A Boston Home for Art Collectors
January 4, 2022
A living room built in 1870 transforms into an at-home art gallery fit for the entire family—almost.
Text by Erika Ayn Finch Photography by Read McKendree
In an example of life imitating art, Lisa Tharp designed one Greater Boston family’s living room to act as a giant canvas and ornate frame—witness the home’s original 1870 ceiling and crown molding—for her art-collecting clients. The room serves as a gathering space for the extended family members who congregate here for the holidays, so it also needed to be comfortable and durable. “The goal wasn’t to replicate the home’s period but to reflect how the owners live now,” says Tharp, a recent inductee into the New England Design Hall of Fame. “We wanted to honor the bones and the volume of the space—make it refined and sophisticated but also plush and comfortable.”
Winter-white walls and millwork and floor-to-ceiling drapery help emphasize the room’s eleven-foot height while showcasing the artwork. Shades of wheat and mossy green, most evident in the performance-velvet-covered Dmitriy & Co sofa, and dark wood floors reference the home’s verdant landscape. The wife, who has a fine-art background and wanted to see it reflected in the living room, says it was Tharp’s artistic eye that drew her to the designer, who likes to paint in her spare time. “Lisa has a way of compositionally balancing a variety of shapes and styles,” the homeowner says. “She knows how to let the architecture and art sing, while at the same time using—but not overusing—color.”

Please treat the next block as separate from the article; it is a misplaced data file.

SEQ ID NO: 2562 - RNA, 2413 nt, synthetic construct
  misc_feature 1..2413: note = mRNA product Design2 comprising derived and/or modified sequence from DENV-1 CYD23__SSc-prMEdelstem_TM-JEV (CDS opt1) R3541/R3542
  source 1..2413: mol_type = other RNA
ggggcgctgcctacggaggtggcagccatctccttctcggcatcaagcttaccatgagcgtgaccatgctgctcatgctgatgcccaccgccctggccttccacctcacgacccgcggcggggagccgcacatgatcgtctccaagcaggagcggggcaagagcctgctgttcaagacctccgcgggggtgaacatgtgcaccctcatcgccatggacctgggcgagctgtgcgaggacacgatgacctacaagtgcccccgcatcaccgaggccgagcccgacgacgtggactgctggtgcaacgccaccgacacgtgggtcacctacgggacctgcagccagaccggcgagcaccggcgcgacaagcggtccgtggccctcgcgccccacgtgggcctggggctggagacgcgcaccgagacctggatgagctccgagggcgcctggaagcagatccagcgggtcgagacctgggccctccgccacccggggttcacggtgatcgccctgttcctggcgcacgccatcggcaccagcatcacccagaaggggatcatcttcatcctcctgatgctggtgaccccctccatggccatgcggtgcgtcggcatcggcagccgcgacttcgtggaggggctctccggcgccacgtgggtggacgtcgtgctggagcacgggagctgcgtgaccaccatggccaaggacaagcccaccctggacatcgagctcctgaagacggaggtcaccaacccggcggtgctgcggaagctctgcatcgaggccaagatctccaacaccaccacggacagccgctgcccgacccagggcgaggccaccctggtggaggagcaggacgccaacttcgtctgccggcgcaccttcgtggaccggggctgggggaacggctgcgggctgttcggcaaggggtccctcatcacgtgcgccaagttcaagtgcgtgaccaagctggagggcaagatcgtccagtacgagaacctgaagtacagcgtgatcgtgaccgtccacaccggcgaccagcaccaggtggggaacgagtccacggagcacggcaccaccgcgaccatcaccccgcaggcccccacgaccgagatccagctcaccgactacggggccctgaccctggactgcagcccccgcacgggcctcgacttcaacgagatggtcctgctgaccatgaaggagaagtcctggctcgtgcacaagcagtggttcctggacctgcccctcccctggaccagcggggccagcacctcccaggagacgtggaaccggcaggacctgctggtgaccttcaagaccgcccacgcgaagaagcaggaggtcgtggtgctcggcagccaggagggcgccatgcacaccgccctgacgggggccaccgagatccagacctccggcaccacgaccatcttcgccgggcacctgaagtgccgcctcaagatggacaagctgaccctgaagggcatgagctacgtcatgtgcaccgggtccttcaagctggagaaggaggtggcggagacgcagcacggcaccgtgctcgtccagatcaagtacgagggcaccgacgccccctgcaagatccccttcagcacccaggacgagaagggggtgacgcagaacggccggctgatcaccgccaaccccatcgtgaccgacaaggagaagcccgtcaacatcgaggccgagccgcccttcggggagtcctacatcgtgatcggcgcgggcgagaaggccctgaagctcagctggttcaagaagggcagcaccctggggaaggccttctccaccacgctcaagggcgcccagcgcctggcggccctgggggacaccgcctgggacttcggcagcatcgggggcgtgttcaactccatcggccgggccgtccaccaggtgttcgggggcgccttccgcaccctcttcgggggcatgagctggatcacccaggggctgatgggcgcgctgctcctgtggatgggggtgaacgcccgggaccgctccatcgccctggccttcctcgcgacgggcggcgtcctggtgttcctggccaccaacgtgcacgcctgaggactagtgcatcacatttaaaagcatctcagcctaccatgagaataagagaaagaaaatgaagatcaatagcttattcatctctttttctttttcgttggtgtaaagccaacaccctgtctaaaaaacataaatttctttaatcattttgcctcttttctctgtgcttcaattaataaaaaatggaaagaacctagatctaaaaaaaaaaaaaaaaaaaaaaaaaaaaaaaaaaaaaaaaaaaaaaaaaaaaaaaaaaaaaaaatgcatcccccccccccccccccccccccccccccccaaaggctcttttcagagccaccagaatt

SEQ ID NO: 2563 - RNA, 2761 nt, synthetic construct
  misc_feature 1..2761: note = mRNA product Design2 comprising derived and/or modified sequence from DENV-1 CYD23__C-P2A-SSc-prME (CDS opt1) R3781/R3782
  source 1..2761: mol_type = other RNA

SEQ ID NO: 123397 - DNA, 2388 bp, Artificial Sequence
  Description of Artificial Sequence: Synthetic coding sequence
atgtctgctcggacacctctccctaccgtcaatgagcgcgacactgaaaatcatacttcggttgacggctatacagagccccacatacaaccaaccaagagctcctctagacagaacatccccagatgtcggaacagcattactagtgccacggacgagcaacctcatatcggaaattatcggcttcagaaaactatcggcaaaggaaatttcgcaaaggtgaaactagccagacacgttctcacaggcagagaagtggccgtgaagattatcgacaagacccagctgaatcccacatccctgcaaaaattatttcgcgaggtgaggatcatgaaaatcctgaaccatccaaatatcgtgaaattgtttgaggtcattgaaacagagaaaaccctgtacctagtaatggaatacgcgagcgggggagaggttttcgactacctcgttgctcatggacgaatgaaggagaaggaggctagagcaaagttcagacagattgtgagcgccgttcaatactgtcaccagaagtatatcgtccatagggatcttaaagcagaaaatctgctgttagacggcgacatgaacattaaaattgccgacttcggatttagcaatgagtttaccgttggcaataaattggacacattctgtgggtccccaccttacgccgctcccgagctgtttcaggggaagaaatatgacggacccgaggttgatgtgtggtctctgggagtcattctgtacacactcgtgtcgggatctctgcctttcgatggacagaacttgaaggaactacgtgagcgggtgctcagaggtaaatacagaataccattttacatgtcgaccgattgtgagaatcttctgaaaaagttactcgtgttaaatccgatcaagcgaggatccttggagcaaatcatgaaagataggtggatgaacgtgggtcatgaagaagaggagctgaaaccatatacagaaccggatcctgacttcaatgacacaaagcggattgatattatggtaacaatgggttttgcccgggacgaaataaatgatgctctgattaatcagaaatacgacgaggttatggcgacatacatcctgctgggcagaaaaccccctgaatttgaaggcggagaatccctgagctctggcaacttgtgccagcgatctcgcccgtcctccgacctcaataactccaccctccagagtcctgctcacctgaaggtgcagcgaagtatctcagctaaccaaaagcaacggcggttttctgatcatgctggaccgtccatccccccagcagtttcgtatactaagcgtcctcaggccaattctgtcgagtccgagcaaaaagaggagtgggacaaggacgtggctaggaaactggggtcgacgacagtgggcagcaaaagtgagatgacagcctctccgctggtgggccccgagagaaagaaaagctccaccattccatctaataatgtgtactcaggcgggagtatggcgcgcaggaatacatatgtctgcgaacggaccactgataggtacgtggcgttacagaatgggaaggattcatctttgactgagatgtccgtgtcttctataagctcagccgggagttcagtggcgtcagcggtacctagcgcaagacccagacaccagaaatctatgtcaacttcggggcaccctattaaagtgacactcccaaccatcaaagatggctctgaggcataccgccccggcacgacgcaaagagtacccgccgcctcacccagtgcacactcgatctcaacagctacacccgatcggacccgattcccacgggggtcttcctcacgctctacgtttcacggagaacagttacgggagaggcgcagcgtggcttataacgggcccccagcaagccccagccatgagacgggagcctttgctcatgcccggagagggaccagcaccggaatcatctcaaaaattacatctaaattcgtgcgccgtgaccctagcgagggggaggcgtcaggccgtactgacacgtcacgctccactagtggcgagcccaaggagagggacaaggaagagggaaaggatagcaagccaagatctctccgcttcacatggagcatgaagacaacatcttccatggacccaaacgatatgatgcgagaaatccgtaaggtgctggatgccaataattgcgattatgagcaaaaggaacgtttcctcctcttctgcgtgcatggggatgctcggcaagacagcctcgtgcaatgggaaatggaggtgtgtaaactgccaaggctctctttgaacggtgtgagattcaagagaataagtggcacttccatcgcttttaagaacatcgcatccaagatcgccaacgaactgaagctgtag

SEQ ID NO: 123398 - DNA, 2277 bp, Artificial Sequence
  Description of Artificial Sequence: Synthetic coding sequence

Tharp’s artistic touch extends beyond the furnishings to the applique painting that hangs above the sofa and anchors the space. Serendipitously, the hand-dyed piece was crafted by Tharp’s daughter, artist Fia Tharp, a recent Rhode Island School of Design graduate. The homeowner appreciates personal connections to her collection: the portrait that hangs between two windows features her mom, a 1960s folk singer, and was painted by her dad, Billy Hardison. “My mom is a lifelong subject of my dad’s,” says the homeowner. “This portrait hung in my house when I was growing up, and I’ve carried it with me from place to place. It now has its spot.”
The painting isn’t the only piece that looks like it’s always been there. The mirrors that flank a doorway leading into the family room were custom designed to fit the walls from the top of the wainscotting to the bottom of the crown molding. A corner settee with upholstered legs and a fringed ottoman inspired by the billiards room at The Breakers, one of the Newport Mansions, were also custom. “Fringe can be a polarizing detail,” admits Tharp, “but it can also add just the right amount of elegance and soften the hardwood floors of an area that doesn’t have a rug.”
Elegant seems to sum up the space, but it’s not too elegant to use, says the homeowner, whose daughter takes her guitar lessons in the room. The lack of television fosters conversation, and the open floor space in front of the fireplace encourages winter puzzles and game nights. But there is one family member who has yet to set foot, or perhaps we should say paw, in the room. “We recently got a puppy—our first dog—and he’s not allowed in the room quite yet,” says the homeowner with a laugh.